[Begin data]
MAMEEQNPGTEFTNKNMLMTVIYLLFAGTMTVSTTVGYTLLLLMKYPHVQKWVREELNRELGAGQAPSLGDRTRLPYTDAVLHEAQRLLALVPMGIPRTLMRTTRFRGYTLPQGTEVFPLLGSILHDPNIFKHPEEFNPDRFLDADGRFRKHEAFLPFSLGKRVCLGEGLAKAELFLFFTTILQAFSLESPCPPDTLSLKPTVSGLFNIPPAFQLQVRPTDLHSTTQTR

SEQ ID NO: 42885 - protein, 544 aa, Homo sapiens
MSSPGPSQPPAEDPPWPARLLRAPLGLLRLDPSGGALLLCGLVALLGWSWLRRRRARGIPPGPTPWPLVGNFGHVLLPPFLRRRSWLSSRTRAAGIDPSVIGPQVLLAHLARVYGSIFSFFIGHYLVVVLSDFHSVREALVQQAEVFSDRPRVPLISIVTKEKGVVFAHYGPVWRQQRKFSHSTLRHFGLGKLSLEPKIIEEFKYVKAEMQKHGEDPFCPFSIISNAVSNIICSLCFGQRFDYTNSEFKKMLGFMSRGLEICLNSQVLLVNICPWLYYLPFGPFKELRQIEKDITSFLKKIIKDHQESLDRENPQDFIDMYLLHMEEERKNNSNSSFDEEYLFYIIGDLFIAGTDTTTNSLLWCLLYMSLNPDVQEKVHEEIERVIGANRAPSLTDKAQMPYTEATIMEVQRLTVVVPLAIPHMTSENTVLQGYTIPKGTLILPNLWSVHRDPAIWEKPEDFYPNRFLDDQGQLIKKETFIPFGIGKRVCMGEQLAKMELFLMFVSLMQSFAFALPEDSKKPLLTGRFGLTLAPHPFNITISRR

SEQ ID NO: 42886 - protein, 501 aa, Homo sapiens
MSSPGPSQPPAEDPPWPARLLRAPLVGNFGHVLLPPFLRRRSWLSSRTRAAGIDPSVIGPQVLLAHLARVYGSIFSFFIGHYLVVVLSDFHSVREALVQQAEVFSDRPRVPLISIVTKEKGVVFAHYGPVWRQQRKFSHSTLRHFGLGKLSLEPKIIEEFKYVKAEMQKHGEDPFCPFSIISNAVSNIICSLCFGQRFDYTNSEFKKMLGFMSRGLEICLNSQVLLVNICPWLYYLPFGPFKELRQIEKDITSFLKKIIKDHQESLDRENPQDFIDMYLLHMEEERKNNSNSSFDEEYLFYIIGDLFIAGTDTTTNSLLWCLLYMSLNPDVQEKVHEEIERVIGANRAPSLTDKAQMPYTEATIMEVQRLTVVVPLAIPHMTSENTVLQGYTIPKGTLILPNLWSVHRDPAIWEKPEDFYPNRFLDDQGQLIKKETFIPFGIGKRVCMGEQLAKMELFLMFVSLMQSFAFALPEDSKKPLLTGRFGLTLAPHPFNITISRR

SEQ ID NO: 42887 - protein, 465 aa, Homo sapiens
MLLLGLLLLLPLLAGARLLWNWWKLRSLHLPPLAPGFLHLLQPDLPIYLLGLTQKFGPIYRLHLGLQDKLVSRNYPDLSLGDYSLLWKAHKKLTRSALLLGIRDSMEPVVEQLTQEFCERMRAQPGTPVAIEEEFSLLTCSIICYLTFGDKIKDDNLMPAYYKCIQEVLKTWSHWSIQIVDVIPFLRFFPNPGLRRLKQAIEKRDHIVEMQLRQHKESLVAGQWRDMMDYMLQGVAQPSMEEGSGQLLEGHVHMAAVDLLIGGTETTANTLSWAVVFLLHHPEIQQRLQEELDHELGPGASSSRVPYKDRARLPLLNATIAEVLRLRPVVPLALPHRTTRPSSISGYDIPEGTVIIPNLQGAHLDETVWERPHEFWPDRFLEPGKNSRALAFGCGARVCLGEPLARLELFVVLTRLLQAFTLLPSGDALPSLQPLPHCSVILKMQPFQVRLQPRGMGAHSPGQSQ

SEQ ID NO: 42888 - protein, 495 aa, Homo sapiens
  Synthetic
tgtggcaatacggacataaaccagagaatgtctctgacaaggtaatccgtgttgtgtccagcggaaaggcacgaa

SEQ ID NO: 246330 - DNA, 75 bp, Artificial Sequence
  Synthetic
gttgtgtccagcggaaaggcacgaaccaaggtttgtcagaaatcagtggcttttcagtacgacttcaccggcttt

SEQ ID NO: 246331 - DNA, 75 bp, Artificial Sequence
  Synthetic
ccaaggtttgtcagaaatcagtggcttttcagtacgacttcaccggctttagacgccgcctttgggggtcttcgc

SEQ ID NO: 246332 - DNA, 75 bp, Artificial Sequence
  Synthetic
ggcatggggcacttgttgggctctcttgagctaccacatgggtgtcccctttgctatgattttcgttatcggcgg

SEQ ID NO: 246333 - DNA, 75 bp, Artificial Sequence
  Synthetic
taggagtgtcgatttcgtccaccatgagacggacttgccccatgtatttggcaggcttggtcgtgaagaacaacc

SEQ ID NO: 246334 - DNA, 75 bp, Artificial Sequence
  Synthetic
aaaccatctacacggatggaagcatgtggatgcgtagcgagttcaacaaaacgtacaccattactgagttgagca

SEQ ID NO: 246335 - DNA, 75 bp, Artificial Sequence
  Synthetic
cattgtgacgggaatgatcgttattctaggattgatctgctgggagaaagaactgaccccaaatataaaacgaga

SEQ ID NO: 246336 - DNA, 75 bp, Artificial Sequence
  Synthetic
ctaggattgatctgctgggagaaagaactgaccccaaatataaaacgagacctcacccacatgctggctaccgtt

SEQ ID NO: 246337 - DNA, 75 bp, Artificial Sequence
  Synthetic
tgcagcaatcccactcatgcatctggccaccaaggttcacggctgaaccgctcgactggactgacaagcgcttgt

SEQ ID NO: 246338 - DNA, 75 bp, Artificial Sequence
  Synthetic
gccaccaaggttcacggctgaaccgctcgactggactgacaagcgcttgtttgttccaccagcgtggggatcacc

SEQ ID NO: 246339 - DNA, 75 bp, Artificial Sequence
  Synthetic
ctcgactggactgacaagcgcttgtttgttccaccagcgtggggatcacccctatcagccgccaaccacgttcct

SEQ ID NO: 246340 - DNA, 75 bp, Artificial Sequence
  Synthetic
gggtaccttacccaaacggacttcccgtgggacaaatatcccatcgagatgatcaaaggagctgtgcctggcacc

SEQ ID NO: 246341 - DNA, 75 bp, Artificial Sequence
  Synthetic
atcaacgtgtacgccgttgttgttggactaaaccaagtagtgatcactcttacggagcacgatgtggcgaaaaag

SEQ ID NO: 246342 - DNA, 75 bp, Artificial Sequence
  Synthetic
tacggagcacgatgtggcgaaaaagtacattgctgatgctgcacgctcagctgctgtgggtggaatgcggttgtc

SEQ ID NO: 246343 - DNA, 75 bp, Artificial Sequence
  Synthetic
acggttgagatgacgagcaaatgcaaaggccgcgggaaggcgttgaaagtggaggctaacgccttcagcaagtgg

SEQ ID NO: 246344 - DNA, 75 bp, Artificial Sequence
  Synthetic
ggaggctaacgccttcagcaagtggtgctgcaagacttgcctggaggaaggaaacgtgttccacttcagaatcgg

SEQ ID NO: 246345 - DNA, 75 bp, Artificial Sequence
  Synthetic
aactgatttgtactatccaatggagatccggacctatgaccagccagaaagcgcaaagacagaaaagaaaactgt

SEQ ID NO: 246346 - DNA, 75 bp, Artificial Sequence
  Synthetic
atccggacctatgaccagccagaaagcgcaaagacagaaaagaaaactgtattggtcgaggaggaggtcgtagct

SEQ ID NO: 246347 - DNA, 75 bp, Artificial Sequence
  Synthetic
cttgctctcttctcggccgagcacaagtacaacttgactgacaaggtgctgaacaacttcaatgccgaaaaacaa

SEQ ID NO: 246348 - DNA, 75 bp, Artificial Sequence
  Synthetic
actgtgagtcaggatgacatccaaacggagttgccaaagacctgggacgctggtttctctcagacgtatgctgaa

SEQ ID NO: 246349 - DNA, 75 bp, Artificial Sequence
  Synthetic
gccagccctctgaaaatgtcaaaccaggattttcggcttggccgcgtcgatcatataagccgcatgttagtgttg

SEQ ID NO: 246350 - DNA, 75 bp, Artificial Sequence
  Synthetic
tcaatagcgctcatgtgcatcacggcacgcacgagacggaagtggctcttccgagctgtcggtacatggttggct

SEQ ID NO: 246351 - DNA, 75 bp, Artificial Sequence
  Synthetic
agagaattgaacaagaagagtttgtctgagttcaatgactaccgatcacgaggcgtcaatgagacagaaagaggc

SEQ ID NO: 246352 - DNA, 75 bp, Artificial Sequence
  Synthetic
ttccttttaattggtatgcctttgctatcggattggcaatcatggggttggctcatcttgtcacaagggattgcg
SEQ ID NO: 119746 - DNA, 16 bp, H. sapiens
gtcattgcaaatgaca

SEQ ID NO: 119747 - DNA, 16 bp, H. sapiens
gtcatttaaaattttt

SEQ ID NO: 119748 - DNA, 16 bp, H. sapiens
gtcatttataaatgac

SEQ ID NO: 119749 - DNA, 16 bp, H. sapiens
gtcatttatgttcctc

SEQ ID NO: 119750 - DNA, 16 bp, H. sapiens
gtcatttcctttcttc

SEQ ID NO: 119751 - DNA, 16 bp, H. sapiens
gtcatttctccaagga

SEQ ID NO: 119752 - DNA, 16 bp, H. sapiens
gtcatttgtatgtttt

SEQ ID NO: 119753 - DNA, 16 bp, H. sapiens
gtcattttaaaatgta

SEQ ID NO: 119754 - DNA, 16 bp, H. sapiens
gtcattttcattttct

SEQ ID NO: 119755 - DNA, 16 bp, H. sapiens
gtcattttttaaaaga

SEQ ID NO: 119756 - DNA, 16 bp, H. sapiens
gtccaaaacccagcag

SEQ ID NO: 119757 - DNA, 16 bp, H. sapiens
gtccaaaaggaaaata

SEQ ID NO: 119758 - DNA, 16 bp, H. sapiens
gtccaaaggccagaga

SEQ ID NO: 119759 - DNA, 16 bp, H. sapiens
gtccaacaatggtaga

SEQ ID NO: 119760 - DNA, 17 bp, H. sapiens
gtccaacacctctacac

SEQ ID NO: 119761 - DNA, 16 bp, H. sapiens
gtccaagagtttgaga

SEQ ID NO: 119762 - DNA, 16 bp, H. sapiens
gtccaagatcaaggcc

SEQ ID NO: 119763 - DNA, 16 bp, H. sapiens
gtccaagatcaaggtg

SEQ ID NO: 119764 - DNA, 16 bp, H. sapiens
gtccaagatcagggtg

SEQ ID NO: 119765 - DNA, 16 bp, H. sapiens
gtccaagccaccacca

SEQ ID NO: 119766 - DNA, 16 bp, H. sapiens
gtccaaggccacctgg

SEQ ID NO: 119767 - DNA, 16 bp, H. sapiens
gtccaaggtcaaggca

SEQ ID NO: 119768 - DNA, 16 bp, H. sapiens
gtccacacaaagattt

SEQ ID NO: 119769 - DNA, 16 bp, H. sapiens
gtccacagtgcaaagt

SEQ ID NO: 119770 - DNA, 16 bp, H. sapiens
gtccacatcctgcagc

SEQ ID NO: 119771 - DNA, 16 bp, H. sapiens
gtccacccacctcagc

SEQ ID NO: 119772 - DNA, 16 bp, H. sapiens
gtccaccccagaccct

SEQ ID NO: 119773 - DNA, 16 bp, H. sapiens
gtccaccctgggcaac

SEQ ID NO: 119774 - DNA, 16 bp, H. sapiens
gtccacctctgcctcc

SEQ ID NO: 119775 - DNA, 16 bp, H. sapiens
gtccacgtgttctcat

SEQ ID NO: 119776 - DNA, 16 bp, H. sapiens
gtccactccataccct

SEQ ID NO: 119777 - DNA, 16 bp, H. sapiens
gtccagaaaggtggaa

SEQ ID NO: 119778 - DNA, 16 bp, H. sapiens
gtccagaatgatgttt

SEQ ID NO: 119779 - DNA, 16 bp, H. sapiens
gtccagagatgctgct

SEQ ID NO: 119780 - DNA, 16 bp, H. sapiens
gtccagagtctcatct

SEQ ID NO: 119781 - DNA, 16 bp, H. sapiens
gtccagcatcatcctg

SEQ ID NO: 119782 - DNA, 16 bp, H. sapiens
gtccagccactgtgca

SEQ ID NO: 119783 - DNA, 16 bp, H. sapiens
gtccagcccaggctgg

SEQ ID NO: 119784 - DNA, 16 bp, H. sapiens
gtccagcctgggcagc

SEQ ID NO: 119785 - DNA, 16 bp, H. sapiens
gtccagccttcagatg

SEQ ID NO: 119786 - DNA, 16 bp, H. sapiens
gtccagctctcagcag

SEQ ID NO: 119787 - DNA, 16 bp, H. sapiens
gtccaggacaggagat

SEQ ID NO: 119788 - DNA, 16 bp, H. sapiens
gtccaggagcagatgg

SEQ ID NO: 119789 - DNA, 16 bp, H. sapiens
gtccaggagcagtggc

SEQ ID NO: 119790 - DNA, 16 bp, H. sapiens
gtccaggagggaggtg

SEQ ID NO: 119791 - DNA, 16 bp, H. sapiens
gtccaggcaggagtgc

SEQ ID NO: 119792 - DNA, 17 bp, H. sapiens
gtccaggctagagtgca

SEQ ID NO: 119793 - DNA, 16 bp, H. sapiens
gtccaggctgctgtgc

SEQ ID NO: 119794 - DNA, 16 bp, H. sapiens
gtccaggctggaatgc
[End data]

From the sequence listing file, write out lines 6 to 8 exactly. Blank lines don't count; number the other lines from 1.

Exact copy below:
SEQ ID NO: 42887 - protein, 465 aa, Homo sapiens
MLLLGLLLLLPLLAGARLLWNWWKLRSLHLPPLAPGFLHLLQPDLPIYLLGLTQKFGPIYRLHLGLQDKLVSRNYPDLSLGDYSLLWKAHKKLTRSALLLGIRDSMEPVVEQLTQEFCERMRAQPGTPVAIEEEFSLLTCSIICYLTFGDKIKDDNLMPAYYKCIQEVLKTWSHWSIQIVDVIPFLRFFPNPGLRRLKQAIEKRDHIVEMQLRQHKESLVAGQWRDMMDYMLQGVAQPSMEEGSGQLLEGHVHMAAVDLLIGGTETTANTLSWAVVFLLHHPEIQQRLQEELDHELGPGASSSRVPYKDRARLPLLNATIAEVLRLRPVVPLALPHRTTRPSSISGYDIPEGTVIIPNLQGAHLDETVWERPHEFWPDRFLEPGKNSRALAFGCGARVCLGEPLARLELFVVLTRLLQAFTLLPSGDALPSLQPLPHCSVILKMQPFQVRLQPRGMGAHSPGQSQ

SEQ ID NO: 42888 - protein, 495 aa, Homo sapiens